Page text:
effect


effect
effectible, adj.
/i fekt"/, n.
1. something that is produced by an agency or cause; result; consequence: Exposure to the sun had the effect of toughening his skin.
2. power to produce results; efficacy; force; validity; influence: His protest had no effect.
3. the state of being effective or operative; operation or execution; accomplishment or fulfillment: to bring a plan into effect.
4. a mental or emotional impression produced, as by a painting or a speech.
5. meaning or sense; purpose or intention: She disapproved of the proposal and wrote to that effect.
6. the making of a desired impression: We had the feeling that the big, expensive car was only for effect.
7. an illusory phenomenon: a three-dimensional effect.
8. a real phenomenon (usually named for its discoverer): the Doppler effect.
10. in effect,
a. for practical purposes; virtually: His silence was in effect a confirmation of the rumor.
b. essentially; basically.
c. operating or functioning; in force: The plan is now in effect.
11. take effect,
a. to go into operation; begin to function.
b. to produce a result: The prescribed medicine failed to take effect.
v.t.
12. to produce as an effect; bring about; accomplish; make happen: The new machines finally effected the transition to computerized accounting last spring.
[1350-1400; ME < L effectus the carrying out (of a task, etc.), hence, that which is achieved, outcome, equiv. to effec- (var. s. of efficere to make, carry out; ef- EF- + -ficere, comb. form of facere to DO1) + -tus suffix of v. action]
Syn. 1. outcome, issue. EFFECT, CONSEQUENCE(S), RESULT refer to something produced by an action or a cause. An EFFECT is that which is produced, usually more or less immediately and directly: The effect of morphine is to produce sleep. A CONSEQUENCE, something that follows naturally or logically, as in a train of events or sequence of time, is less intimately connected with its cause than is an effect: Punishment is the consequence of disobedience. A RESULT may be near or remote, and often is the sum of effects or consequences as making an end or final outcome: The English language is the result of the fusion of many different elements. 12. achieve, realize, fulfill, perform, consummate.
Usage. See affect1.

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(as used in expressions)

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Universalium. 2010.

Synonyms:

Look at other dictionaries:

  • Effect — Ef*fect , n. [L. effectus, fr. efficere, effectum, to effect; ex + facere to make: cf. F. effet, formerly also spelled effect. See {Fact}.] 1. Execution; performance; realization; operation; as, the law goes into effect in May. [1913 Webster]… …   The Collaborative International Dictionary of English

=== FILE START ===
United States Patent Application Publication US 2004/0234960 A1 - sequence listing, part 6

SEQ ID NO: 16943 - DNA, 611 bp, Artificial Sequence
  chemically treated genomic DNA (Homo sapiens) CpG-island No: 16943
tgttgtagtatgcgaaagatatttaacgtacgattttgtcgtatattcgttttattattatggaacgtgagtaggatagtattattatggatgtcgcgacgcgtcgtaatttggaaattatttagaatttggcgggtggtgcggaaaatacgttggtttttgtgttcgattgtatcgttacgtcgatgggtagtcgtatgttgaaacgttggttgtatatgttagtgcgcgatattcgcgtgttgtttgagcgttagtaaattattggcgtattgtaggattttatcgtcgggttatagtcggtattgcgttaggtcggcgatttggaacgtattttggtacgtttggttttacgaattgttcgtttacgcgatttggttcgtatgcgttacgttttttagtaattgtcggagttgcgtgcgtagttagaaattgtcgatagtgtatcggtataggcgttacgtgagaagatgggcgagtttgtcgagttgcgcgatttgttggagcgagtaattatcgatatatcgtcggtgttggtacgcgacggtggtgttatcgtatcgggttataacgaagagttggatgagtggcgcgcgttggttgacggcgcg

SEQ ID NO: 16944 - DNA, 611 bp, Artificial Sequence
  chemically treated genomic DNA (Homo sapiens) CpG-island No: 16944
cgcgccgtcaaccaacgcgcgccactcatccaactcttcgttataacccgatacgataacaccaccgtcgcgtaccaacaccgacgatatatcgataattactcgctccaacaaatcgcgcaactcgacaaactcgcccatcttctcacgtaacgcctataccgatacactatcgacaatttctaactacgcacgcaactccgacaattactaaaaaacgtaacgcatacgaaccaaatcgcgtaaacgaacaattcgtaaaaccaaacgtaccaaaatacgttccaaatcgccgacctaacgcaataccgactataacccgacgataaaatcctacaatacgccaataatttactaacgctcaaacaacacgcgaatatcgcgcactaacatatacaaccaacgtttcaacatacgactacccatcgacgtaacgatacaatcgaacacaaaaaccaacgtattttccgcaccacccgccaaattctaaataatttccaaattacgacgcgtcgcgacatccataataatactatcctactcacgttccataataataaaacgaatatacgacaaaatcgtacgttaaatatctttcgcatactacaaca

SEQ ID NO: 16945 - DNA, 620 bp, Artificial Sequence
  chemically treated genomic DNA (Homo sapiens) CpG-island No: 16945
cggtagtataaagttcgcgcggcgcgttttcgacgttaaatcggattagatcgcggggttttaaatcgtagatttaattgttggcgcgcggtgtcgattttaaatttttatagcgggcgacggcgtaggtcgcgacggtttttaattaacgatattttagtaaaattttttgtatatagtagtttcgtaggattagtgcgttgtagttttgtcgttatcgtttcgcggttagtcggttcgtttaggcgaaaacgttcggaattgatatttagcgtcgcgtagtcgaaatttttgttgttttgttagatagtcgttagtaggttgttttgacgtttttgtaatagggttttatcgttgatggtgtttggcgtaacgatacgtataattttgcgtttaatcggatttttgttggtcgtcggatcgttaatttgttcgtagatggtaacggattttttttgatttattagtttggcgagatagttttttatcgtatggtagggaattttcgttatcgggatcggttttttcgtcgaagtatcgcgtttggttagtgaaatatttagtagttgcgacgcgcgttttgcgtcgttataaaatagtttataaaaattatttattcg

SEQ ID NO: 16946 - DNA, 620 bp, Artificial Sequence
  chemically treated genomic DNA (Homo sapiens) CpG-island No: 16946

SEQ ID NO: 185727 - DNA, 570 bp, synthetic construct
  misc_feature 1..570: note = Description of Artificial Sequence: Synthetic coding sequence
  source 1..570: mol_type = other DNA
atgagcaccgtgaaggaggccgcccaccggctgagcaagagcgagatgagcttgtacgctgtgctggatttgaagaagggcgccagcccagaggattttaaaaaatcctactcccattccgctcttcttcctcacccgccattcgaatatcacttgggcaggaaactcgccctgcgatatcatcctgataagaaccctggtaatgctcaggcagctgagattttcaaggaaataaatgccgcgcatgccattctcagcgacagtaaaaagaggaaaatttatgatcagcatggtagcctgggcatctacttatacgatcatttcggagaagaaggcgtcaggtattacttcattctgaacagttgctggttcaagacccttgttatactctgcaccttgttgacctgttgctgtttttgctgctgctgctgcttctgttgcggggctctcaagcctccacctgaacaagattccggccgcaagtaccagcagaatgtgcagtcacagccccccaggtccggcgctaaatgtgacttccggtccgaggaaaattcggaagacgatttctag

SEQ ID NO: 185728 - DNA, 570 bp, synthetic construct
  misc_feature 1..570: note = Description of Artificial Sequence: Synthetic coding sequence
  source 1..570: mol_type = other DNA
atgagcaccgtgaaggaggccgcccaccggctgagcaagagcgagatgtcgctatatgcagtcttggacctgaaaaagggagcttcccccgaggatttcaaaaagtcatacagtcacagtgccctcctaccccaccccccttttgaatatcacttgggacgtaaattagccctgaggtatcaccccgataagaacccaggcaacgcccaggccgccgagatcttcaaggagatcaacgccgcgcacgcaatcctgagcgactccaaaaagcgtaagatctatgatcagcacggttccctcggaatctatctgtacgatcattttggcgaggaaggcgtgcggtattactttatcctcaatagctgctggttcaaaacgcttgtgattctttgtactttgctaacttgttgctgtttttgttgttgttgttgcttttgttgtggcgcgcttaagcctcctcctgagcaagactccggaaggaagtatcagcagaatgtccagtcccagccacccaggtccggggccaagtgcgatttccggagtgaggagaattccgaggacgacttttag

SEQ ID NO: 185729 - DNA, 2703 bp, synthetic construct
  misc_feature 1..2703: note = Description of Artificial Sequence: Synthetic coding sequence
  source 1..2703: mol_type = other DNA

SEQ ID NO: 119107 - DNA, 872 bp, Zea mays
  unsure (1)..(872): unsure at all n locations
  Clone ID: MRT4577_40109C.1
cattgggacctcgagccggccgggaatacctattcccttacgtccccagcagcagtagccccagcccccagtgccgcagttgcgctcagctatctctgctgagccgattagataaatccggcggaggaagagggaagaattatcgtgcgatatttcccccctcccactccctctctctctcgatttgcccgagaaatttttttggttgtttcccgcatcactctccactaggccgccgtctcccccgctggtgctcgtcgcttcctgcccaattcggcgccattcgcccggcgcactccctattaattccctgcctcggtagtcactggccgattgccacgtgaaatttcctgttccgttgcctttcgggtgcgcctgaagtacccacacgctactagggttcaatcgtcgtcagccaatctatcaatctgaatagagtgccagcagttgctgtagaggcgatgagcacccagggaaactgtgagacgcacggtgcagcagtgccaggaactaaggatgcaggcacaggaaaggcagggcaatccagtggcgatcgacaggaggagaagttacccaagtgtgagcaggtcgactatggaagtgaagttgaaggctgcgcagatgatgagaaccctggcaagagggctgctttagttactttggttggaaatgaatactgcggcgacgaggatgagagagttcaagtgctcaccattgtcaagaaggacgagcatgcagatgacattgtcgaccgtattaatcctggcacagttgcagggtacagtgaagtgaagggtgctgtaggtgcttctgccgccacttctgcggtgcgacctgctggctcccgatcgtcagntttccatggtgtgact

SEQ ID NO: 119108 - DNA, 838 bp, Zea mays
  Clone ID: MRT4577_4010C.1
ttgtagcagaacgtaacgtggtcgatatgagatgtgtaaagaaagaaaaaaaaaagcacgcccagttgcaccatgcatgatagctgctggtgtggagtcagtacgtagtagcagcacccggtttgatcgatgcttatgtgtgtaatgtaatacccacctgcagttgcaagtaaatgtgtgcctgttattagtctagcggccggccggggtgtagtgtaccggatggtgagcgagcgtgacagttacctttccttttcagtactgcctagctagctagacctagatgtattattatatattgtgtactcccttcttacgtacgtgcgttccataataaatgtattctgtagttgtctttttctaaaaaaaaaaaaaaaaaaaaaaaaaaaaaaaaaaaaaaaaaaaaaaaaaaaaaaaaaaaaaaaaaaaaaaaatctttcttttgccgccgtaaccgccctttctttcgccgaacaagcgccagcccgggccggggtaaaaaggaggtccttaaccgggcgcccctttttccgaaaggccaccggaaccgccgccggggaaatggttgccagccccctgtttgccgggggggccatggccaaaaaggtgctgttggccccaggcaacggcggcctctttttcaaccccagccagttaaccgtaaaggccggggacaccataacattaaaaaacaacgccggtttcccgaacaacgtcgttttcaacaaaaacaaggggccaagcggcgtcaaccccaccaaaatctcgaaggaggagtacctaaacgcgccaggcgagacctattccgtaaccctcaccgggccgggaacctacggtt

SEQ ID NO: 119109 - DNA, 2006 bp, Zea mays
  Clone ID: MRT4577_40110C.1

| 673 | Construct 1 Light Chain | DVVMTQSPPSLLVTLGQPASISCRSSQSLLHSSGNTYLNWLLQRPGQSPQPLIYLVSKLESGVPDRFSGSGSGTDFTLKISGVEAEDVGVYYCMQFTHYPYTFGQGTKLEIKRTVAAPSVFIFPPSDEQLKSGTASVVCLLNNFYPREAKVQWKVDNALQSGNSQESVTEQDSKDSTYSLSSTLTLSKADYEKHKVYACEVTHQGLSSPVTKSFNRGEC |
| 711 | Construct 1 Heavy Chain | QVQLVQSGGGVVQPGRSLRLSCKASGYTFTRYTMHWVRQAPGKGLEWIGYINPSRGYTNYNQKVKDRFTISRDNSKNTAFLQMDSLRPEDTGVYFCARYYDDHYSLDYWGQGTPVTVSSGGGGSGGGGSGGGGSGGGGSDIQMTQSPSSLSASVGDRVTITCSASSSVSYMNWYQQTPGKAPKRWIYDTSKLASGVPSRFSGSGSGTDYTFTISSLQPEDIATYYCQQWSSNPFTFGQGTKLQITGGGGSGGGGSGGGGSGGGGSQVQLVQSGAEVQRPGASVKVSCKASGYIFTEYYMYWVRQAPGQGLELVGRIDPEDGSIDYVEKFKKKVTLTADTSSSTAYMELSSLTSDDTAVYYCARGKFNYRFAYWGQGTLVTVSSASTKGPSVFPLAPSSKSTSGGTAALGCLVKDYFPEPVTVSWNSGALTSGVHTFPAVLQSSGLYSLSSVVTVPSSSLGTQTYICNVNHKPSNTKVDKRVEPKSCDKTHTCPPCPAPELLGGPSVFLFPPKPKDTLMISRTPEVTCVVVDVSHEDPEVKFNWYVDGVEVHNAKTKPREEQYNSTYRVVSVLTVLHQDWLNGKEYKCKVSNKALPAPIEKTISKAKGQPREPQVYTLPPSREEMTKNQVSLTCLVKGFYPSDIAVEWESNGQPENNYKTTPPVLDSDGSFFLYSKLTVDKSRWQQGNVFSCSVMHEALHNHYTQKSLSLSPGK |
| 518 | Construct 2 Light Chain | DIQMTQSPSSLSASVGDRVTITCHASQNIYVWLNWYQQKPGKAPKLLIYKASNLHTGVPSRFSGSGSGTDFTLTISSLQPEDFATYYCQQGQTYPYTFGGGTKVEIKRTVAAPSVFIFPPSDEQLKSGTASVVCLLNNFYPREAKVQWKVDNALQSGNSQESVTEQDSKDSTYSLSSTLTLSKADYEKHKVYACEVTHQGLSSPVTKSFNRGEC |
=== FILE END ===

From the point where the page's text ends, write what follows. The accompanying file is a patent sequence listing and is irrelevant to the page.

• effect — ef·fect 1 n 1: something that is produced by an agent or cause 2 pl: personal property (1) at property: goods …   Law dictionary

  • effect — n 1 Effect, result, consequence, upshot, aftereffect, aftermath, sequel, issue, outcome, event are comparable in signifying something, usually a condition, situation, or occurrence, ascribable to a cause or combination of causes. Effect is the… …   New Dictionary of Synonyms

  • effect — [e fekt′, ifekt′; ] often [ ēfekt′, əfekt′] n. [ME < OFr (& L) < L effectus, orig., pp. of efficere, to bring to pass, accomplish < ex , out + facere, DO1] 1. anything brought about by a cause or agent; result 2. the power or ability to… …   English World dictionary

  • effect — que l art fait, Effectio artis. Effect et pouvoir, Effectus. Homme de peu d effect, Parum efficax homo. Tout l effect d amitié git en mesme vouloir, Vis amicitiae est in animorum consensione. Laquelle signification approcha si trespres de l… …   Thresor de la langue françoyse

  • effect — ► NOUN 1) a change which is a result or consequence of an action or other cause. 2) the state of being or becoming operative. 3) the extent to which something succeeds or is operative: wind power can be used to great effect. 4) (effects) personal …   English terms dictionary

  • Effect — Effect, Wirkung, Erfolg, wird besonders von einer erhöhten, einer überraschenden Wirkung gebraucht. In der Kunst darf der Künstler wohl den Effect anbringen, jedoch ohne die Harmonie der einzelnen Theile unter einander zu stören; er darf nicht… …   Damen Conversations Lexikon

  • Effect — Effect, from Latin effectus performance, accomplishment can be used in various meanings: * Any result of another action or circumstance (see pragma , phenomenon, list of effects); * Cause and effect are the relata of causality; * In movies and… …   Wikipedia

  • effect — [n1] result aftereffect, aftermath, backlash, backwash, can of worms*, causatum, chain reaction*, conclusion, consequence, corollary, denouement, development, end, end product, event, eventuality, fallout, flak*, follow through, follow up, fruit …   New thesaurus

  • Effect — Ef*fect , v. t. [imp. & p. p. {Effected}; p. pr. & vb. n. {Effecting}.] 1. To produce, as a cause or agent; to cause to be. [1913 Webster] So great a body such exploits to effect. Daniel. [1913 Webster] 2. To bring to pass; to execute; to… …   The Collaborative International Dictionary of English

  • effect — (n.) late 14c., a result, from O.Fr. efet (13c., Mod.Fr. effet) result, execution, completion, ending, from L. effectus accomplishment, performance, from pp. stem of efficere work out, accomplish, from ex out (see EX (Cf. ex )) + facere to do… …   Etymology dictionary


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